Aiddata .org provides over 1 million data points of information on aid flows from a large range of donors, creating an unprecedented level of transparency about international aid. The information covers most official aid bodies (e.g. DFID, USAID, et al) and the latest version (3.0) also includes data on private charity organizations in the US and flow of remittances. The data can be downloaded in full or visualized online. There is also a robust API system to build apps on top of the rich database.
Based on a quick review of the datasets, I feel that it would be a great source of information for researchers and planners who would like broad level information. I tried to explore the data wearing the hat of a citizen interested in monitoring funded projects, and found the dataset wanting from that perspective. The location of the projects is not clear and description of projects included were too broad to be of much use for monitoring from the grassroots. Perhaps a deeper exploration of the dataset may make me change my mind.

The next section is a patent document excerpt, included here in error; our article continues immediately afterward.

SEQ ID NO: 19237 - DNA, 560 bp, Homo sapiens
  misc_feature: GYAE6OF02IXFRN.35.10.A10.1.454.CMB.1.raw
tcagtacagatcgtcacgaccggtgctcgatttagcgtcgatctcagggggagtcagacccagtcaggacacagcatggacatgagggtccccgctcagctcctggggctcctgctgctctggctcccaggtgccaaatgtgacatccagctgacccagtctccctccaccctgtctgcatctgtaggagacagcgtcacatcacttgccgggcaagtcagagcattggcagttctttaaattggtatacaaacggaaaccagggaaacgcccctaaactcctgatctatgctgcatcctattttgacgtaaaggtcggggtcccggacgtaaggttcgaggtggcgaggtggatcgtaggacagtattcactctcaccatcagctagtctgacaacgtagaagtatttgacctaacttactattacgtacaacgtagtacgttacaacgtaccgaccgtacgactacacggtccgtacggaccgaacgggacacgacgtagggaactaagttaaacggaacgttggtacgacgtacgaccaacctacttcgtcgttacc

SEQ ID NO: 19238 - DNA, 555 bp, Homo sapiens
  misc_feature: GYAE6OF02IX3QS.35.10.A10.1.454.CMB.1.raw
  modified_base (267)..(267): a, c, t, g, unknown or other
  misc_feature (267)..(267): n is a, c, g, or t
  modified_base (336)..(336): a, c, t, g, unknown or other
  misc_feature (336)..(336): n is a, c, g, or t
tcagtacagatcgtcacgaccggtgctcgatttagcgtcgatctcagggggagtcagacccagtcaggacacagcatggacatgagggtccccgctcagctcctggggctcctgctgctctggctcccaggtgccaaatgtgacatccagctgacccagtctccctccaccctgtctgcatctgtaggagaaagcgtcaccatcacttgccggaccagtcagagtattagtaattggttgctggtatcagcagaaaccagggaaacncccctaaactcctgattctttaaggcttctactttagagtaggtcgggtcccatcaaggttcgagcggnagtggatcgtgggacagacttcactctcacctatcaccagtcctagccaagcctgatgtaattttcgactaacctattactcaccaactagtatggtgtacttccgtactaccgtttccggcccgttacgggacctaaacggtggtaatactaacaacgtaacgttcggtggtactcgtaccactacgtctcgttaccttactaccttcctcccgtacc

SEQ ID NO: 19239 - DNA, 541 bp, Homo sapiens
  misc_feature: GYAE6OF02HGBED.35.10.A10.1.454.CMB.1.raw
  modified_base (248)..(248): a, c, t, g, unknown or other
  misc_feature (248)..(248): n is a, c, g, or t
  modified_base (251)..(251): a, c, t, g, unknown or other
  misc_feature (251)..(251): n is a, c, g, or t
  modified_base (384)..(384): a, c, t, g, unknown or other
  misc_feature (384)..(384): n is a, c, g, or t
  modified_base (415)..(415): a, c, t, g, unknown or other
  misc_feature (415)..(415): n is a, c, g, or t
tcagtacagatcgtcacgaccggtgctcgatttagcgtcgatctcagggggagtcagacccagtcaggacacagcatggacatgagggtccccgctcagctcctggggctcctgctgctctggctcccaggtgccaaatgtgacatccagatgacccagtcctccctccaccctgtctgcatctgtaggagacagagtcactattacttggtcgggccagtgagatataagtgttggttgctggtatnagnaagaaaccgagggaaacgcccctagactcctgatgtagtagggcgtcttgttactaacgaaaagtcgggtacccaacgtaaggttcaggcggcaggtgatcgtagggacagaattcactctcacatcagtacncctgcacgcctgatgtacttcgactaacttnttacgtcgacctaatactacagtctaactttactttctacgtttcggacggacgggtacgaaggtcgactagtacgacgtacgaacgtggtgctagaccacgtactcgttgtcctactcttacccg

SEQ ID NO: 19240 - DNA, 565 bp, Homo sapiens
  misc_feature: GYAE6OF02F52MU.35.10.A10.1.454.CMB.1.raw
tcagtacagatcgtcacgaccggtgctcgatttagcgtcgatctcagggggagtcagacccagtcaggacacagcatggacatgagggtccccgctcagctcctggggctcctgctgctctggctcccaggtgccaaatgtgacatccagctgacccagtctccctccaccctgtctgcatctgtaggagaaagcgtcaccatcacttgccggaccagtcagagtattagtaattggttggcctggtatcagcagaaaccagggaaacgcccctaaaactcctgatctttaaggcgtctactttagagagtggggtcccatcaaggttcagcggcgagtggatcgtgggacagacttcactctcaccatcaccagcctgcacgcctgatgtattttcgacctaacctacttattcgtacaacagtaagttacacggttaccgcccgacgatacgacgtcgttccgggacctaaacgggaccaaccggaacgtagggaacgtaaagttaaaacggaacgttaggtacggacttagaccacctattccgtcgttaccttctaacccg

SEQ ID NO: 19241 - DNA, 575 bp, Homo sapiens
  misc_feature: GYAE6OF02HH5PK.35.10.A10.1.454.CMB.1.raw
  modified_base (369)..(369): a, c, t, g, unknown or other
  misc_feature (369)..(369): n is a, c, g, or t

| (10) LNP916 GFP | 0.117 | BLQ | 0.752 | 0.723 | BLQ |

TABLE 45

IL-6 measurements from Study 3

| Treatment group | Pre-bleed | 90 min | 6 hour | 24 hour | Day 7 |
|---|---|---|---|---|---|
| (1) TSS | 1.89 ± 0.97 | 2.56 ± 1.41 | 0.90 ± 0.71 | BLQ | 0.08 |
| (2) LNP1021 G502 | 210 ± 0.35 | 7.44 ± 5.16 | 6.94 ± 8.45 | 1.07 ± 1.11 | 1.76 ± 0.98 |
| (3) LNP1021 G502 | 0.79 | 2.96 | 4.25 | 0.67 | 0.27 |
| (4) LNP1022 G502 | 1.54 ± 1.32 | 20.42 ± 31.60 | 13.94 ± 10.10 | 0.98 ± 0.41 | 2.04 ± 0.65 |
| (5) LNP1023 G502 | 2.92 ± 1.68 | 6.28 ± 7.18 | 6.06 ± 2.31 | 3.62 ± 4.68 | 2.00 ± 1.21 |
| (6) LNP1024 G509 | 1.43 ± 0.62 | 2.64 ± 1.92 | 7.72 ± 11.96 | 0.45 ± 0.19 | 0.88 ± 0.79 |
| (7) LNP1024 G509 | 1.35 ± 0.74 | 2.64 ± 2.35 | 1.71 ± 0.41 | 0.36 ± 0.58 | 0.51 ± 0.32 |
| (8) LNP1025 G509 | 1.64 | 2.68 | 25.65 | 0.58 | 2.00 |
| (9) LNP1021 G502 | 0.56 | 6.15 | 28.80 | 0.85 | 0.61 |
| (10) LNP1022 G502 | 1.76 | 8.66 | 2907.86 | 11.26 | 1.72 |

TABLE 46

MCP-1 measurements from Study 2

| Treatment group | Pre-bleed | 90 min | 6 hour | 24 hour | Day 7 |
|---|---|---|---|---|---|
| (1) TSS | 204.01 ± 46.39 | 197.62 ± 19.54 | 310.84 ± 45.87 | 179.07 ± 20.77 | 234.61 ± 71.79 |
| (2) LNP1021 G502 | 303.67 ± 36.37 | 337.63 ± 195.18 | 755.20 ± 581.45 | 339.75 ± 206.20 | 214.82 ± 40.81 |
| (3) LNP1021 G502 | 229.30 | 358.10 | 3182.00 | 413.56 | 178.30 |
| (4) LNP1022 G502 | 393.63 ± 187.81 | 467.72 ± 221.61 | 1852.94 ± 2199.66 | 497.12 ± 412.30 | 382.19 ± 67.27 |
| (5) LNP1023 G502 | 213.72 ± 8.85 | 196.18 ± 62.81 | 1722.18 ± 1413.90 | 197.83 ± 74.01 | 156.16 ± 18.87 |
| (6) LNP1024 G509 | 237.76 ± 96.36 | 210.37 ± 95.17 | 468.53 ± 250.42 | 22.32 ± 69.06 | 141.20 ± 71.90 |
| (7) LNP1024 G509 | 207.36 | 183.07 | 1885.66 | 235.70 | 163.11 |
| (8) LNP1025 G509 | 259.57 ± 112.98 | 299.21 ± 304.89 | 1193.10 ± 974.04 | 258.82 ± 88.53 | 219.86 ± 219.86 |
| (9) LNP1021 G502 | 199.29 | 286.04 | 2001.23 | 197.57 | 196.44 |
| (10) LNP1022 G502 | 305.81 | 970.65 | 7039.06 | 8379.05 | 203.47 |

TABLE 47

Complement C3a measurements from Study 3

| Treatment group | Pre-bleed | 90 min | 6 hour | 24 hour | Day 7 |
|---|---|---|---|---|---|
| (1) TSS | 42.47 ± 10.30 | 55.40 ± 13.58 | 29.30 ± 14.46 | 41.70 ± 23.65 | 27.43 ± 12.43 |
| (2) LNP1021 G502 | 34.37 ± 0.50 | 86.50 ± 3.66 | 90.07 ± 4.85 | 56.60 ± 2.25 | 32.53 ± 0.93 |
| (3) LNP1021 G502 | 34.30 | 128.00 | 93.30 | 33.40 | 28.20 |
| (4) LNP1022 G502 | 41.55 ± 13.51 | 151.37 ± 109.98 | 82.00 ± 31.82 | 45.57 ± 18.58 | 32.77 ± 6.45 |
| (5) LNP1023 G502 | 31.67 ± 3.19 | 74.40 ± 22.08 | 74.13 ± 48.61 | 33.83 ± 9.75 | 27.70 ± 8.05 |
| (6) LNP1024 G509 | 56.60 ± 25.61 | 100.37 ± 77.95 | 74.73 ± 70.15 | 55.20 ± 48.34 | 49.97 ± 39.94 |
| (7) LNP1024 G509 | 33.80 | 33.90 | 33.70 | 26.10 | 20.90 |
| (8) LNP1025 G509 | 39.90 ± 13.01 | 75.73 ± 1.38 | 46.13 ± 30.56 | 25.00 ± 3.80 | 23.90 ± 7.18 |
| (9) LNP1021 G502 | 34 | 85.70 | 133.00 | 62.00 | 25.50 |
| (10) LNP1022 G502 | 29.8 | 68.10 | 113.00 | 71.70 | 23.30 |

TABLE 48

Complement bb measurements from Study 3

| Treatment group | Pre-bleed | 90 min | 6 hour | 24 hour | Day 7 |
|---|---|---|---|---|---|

One potentially useful feature that they have created is to enable people to provide additional documents and to respond to information provided on various projects. With some mobilization, such features can become highly useful for gathering feedback from the grassroots on various projects.
Despite the likely limitation that this is not a project meant for the grassroots, aid data provides a great platform for research and for building interesting applications. It would be interesting to see its uptake beyond the academic community.